Halfway through the meeting, I started feeling decidedly woozy. I felt the blood drain from my face, to be replaced with a sheen of perspiration. My vision started blurring and swirling and I was not at all well. Because of where I was sitting, I would have had to walk all the way round the back of the group to reach the toilets, and as I hadn’t brought my bag, I didn’t have the snack that I always keep in there. So I sat it out and thankfully had started to recover a little by the end of the talk, at which point I sent a text message for hubby to walk down and escort me back home.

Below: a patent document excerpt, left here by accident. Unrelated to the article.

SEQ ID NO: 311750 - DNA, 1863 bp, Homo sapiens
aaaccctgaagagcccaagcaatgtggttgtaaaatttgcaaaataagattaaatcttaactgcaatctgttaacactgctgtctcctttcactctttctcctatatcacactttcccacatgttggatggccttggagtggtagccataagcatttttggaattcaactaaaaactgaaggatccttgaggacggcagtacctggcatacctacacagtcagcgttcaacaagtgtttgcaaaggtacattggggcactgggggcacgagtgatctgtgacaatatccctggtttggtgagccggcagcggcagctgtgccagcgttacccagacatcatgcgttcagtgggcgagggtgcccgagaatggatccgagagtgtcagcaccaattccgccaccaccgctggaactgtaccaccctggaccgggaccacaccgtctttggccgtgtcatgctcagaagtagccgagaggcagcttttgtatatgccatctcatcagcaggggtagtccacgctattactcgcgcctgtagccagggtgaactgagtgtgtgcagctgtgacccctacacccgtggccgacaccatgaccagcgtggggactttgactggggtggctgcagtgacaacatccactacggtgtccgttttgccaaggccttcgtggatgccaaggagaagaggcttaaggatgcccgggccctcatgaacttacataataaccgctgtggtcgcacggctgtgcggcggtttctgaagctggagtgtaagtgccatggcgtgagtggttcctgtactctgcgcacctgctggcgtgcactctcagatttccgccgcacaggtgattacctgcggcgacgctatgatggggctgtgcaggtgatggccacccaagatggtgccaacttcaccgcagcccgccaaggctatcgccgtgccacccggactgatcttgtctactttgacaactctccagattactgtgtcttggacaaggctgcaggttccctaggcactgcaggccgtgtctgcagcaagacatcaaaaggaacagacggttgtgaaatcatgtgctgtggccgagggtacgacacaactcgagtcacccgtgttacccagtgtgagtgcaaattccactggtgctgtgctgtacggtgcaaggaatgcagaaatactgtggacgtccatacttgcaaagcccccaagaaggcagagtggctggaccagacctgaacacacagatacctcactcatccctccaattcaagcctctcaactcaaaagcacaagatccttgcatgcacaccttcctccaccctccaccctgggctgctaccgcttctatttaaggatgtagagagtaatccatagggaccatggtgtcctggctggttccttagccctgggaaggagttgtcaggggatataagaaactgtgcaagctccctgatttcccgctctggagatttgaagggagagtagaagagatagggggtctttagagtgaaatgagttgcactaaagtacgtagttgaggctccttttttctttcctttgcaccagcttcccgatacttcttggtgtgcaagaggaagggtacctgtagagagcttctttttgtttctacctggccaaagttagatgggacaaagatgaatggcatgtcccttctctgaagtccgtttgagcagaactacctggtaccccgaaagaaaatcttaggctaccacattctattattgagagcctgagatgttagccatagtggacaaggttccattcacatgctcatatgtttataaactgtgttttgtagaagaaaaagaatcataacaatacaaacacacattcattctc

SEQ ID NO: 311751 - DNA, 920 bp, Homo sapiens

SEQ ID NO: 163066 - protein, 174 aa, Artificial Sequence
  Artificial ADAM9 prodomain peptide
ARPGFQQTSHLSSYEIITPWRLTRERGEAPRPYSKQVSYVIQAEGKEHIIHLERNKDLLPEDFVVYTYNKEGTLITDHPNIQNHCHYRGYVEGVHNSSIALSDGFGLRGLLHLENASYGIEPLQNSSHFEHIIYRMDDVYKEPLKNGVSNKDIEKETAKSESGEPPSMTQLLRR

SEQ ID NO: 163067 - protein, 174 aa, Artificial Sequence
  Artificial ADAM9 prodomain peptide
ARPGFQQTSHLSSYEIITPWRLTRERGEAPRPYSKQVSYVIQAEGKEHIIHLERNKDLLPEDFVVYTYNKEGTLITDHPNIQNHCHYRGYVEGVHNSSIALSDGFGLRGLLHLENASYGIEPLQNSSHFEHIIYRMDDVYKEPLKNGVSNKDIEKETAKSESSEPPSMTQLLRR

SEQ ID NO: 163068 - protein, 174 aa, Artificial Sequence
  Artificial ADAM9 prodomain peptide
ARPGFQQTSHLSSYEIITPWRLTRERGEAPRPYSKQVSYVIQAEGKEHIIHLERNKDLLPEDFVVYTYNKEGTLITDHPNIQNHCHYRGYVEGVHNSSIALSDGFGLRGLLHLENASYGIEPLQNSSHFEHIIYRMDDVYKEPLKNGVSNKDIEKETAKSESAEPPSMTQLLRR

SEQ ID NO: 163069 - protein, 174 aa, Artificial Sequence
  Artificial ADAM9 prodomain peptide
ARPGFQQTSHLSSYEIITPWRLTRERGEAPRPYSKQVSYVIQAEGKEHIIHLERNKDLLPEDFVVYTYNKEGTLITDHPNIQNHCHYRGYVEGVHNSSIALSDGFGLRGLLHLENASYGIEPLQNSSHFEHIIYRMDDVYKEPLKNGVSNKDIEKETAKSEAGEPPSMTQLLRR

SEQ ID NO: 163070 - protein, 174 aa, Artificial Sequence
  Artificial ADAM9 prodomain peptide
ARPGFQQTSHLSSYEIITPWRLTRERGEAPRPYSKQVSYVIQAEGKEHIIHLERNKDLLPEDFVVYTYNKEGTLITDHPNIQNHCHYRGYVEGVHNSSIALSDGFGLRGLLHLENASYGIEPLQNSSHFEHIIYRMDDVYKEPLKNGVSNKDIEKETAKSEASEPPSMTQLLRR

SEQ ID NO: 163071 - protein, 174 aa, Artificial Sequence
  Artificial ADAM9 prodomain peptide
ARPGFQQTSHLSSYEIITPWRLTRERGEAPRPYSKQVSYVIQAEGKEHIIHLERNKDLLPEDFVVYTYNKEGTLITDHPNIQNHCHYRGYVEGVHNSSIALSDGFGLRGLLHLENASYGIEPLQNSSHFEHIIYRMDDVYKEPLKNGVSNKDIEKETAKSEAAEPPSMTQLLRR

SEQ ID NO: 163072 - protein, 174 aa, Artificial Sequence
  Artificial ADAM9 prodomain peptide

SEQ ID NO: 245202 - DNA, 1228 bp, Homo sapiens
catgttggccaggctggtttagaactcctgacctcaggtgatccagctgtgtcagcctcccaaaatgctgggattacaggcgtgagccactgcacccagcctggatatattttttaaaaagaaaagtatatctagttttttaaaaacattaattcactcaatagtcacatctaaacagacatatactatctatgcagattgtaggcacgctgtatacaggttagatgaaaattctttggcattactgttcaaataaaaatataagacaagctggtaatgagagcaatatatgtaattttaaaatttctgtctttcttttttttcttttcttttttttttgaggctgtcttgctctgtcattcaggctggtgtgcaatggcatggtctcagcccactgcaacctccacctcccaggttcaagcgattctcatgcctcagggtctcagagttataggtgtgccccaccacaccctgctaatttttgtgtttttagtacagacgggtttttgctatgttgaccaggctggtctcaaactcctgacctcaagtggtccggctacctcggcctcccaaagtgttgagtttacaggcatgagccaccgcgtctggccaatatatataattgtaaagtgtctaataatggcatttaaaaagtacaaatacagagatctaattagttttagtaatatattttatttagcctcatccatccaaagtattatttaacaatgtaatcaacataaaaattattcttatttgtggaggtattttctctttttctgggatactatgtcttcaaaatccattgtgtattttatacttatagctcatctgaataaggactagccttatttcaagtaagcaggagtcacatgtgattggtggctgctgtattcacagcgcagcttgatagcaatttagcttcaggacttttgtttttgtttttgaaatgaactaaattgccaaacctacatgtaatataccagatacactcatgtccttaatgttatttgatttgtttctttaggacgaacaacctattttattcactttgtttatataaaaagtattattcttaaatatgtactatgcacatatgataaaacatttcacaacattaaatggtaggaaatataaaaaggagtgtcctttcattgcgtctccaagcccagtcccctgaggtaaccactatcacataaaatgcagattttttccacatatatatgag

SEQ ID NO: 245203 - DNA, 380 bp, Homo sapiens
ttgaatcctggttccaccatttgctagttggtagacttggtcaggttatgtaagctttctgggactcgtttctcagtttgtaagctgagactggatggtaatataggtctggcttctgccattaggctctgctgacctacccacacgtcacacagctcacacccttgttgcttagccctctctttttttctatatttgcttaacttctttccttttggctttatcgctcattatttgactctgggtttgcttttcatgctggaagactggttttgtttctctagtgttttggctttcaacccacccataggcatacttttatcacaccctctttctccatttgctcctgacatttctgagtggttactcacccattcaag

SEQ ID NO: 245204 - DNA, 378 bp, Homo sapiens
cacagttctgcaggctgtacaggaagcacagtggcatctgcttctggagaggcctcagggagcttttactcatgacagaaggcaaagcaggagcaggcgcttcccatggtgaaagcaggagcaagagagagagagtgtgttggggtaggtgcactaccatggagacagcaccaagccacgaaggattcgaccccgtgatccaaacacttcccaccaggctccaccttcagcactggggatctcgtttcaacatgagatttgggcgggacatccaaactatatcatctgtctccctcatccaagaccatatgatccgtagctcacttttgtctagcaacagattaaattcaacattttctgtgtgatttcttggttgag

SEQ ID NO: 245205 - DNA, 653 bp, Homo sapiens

So when I set out for a short run this morning, only to find my legs felt like lead, I didn’t worry too much. I was kind to myself and allowed several walking breaks, while not panicking that my running days were over and I’d never be able to run again, because I knew from experience that there was a good reason I was struggling and that given a day or so more to recover, I would be fine again.

One thing I’ve developed over the past couple of years of running is resilience – I have experiences I can call on, where I’ve not felt well, or a run has gone badly, or conditions have been less than ideal, and I know better how to cope. I have memories of running when tired, running in the rain, giving up on a run, running while freezing cold – as well as memories of successful runs, fast runs, long runs, in beautiful weather, in pleasant surroundings. I can judge each run in a wider context, rather than on its own merits.